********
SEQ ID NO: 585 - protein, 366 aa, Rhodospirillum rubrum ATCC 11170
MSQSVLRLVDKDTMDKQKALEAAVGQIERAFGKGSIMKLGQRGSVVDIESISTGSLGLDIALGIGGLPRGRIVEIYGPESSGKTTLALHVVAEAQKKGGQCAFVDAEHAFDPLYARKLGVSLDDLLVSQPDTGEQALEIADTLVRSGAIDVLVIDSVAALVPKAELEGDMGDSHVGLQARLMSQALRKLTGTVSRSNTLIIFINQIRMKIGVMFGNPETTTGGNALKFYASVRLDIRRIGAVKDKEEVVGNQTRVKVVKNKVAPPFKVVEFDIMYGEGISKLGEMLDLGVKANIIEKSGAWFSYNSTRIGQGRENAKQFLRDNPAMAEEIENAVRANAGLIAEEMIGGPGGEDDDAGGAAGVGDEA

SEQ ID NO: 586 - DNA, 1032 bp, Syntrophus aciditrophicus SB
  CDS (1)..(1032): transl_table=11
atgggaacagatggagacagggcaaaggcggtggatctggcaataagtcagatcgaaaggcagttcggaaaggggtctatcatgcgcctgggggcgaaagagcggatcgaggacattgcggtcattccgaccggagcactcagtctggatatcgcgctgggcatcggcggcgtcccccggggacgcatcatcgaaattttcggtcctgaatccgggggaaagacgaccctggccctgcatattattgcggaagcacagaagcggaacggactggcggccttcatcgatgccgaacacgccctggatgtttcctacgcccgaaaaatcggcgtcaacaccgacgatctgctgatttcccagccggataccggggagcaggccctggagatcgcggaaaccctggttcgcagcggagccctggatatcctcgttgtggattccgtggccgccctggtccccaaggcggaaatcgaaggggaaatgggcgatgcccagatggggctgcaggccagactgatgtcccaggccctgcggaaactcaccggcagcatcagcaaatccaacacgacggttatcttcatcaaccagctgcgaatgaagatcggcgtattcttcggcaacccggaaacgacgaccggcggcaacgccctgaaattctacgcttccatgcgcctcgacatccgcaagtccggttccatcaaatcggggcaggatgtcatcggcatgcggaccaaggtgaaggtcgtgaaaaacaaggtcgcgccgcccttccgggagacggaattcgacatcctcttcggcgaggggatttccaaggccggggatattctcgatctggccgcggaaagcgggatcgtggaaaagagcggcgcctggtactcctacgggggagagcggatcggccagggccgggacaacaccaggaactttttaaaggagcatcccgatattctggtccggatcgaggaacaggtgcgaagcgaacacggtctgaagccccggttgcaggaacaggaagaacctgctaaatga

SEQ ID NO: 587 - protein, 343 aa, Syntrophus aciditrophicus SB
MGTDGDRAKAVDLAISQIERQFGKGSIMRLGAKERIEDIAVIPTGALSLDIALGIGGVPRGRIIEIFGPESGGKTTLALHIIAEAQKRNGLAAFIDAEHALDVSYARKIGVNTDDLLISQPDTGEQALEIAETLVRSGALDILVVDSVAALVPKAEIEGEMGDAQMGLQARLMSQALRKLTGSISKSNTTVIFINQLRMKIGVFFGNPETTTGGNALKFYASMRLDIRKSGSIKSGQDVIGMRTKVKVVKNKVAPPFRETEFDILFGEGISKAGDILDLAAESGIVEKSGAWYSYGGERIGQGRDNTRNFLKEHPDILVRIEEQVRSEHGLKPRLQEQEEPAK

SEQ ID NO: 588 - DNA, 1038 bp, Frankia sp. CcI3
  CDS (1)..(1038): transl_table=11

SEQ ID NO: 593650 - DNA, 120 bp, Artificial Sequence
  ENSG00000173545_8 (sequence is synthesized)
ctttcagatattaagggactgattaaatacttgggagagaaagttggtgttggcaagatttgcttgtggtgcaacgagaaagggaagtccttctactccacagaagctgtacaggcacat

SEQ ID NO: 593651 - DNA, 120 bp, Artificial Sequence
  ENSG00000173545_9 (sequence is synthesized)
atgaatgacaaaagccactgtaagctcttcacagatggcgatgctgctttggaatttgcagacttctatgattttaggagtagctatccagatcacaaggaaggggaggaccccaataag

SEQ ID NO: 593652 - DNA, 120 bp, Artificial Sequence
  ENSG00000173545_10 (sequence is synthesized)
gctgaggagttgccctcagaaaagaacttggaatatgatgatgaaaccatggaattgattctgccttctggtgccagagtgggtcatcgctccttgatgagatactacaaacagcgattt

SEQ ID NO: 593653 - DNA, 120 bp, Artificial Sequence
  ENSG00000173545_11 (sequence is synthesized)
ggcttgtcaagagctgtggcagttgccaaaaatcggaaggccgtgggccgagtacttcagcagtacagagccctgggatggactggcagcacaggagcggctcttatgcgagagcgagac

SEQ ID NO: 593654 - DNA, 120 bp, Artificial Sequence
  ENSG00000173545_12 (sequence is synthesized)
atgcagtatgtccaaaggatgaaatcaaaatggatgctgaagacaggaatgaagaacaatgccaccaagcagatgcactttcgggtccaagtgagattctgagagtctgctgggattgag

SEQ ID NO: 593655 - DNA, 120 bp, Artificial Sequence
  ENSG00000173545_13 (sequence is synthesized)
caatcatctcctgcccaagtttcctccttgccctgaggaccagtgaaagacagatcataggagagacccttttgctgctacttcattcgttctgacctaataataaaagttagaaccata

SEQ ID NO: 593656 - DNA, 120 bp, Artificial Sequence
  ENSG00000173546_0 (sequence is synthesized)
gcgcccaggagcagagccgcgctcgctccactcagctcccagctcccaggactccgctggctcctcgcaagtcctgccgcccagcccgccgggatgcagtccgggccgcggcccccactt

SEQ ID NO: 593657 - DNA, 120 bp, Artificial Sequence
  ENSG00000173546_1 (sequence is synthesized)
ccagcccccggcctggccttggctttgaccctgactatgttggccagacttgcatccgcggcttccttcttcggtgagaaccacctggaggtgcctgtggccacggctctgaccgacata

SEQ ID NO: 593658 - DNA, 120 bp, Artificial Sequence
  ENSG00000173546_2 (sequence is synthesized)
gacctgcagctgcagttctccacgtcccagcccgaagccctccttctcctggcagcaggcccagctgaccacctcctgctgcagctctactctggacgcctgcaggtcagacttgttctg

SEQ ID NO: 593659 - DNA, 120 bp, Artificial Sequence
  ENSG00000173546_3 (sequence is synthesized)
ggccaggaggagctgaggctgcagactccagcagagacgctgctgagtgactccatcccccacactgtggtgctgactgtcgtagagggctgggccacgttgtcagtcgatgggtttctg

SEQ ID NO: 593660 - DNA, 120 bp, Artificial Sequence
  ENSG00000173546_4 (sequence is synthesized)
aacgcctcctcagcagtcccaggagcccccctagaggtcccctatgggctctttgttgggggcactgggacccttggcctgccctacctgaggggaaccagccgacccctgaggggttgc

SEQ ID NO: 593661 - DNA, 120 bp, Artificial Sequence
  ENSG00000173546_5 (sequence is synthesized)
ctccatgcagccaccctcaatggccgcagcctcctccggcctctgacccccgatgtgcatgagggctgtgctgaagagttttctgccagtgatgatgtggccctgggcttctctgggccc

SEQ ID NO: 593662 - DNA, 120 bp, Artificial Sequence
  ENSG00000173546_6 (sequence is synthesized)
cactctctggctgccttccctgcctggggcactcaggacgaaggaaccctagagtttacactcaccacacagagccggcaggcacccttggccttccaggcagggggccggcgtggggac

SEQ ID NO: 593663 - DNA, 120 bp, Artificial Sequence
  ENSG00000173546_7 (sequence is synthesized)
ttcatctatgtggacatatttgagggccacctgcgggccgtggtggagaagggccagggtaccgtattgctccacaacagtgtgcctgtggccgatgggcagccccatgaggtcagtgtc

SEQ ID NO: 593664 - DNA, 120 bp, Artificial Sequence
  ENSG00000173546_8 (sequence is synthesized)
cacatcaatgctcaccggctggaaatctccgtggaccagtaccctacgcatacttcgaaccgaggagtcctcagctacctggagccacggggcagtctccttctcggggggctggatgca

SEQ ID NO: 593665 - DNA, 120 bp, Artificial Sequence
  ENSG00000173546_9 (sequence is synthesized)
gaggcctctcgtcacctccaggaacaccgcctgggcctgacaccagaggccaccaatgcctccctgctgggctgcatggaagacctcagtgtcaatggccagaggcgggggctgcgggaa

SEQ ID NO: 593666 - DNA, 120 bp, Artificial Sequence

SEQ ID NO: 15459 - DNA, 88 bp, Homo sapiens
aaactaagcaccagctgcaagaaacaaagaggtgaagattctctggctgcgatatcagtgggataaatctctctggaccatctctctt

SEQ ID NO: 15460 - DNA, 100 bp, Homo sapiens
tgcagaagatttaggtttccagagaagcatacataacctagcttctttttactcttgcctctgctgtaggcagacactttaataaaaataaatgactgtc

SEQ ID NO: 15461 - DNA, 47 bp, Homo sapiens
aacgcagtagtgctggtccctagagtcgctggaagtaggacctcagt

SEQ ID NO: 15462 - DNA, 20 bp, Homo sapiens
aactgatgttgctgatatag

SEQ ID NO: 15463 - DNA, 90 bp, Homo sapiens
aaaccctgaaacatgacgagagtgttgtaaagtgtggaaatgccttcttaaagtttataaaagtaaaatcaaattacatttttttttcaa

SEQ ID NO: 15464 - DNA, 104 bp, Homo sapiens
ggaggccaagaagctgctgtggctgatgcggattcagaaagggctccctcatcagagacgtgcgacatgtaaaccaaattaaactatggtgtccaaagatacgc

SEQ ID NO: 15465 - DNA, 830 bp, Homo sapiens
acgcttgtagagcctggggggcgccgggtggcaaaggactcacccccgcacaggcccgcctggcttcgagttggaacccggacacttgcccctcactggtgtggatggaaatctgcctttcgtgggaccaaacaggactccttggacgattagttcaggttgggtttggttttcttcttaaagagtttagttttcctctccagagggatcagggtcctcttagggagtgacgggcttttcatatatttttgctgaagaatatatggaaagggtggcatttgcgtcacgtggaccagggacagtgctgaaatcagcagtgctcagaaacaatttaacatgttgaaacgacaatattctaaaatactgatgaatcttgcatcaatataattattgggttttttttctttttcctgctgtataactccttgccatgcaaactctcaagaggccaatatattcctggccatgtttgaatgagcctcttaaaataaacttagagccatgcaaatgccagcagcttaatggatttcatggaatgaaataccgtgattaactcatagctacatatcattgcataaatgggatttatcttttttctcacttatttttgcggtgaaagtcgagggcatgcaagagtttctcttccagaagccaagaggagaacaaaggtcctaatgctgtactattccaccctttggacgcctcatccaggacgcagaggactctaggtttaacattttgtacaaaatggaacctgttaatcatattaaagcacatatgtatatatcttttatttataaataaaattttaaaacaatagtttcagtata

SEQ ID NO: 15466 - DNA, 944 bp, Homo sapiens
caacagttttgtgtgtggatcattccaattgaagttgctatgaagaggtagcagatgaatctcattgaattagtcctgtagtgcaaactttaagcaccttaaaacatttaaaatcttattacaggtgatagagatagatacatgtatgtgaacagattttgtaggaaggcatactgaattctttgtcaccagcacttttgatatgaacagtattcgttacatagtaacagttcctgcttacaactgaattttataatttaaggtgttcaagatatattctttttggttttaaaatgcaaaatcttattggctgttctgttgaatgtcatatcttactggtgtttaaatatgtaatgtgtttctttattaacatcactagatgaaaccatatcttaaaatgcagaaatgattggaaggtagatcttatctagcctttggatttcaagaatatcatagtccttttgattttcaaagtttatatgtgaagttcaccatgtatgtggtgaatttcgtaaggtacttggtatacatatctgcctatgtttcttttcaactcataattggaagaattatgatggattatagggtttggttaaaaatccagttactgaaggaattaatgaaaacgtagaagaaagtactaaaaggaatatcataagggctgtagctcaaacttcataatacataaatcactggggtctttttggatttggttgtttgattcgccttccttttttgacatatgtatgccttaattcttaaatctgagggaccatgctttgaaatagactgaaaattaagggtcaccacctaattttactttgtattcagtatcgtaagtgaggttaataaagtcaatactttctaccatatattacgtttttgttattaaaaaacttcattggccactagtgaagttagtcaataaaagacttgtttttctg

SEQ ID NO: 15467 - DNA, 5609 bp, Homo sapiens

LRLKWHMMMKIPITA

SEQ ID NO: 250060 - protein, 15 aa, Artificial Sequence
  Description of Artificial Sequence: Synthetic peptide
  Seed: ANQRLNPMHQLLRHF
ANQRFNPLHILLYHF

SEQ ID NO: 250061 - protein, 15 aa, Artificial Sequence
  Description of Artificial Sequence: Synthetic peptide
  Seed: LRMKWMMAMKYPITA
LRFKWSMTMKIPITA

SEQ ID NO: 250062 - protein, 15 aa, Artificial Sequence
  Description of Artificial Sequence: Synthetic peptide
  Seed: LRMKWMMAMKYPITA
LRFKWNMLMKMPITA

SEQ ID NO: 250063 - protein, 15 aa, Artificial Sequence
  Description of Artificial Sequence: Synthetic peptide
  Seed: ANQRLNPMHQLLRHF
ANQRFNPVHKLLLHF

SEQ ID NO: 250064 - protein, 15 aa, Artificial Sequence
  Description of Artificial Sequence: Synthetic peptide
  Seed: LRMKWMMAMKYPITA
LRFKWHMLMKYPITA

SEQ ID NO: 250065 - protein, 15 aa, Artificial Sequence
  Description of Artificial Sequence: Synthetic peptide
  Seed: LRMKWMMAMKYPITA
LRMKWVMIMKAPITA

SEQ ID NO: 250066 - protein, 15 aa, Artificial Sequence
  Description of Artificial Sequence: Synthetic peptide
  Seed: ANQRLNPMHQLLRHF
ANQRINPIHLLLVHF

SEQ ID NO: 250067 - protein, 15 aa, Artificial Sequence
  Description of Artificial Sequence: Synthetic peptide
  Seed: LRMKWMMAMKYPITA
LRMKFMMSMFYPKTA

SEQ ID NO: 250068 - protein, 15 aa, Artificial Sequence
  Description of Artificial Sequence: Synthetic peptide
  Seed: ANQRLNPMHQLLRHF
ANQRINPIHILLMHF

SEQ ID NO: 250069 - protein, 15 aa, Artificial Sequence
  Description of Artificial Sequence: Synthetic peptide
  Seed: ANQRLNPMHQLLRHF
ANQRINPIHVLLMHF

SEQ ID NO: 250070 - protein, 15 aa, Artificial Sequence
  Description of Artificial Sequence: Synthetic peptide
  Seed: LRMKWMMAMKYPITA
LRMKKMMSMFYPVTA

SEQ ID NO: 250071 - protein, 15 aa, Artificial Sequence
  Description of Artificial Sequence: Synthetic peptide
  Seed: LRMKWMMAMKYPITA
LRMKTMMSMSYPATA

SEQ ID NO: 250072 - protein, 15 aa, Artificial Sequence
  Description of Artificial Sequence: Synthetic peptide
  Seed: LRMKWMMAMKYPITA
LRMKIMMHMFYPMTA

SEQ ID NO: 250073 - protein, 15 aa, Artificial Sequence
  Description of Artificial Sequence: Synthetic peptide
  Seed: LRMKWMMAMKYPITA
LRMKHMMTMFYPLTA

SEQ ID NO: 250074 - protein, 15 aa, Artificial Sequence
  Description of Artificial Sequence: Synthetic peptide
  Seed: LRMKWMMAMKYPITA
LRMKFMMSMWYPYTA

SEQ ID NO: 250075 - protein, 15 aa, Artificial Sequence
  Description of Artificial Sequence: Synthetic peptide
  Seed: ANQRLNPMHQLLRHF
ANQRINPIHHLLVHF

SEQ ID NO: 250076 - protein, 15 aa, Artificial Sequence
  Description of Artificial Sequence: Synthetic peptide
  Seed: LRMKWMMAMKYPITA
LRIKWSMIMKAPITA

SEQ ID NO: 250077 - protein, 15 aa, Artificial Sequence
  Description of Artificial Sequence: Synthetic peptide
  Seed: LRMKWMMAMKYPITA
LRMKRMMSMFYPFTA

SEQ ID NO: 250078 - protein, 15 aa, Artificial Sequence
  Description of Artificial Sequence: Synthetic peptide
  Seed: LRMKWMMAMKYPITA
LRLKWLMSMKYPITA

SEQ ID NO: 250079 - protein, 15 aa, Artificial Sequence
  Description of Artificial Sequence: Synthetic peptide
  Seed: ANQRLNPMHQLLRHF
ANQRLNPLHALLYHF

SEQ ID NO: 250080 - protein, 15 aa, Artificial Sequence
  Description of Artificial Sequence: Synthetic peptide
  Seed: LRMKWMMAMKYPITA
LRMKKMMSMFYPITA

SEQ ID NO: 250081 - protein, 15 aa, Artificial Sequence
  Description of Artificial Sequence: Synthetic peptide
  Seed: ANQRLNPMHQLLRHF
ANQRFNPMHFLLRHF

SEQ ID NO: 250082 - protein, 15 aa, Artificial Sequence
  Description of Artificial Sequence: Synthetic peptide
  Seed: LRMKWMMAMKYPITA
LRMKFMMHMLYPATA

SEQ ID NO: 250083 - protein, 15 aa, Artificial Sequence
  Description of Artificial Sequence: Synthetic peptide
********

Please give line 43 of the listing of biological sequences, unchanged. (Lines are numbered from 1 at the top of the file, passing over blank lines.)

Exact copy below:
SEQ ID NO: 593661 - DNA, 120 bp, Artificial Sequence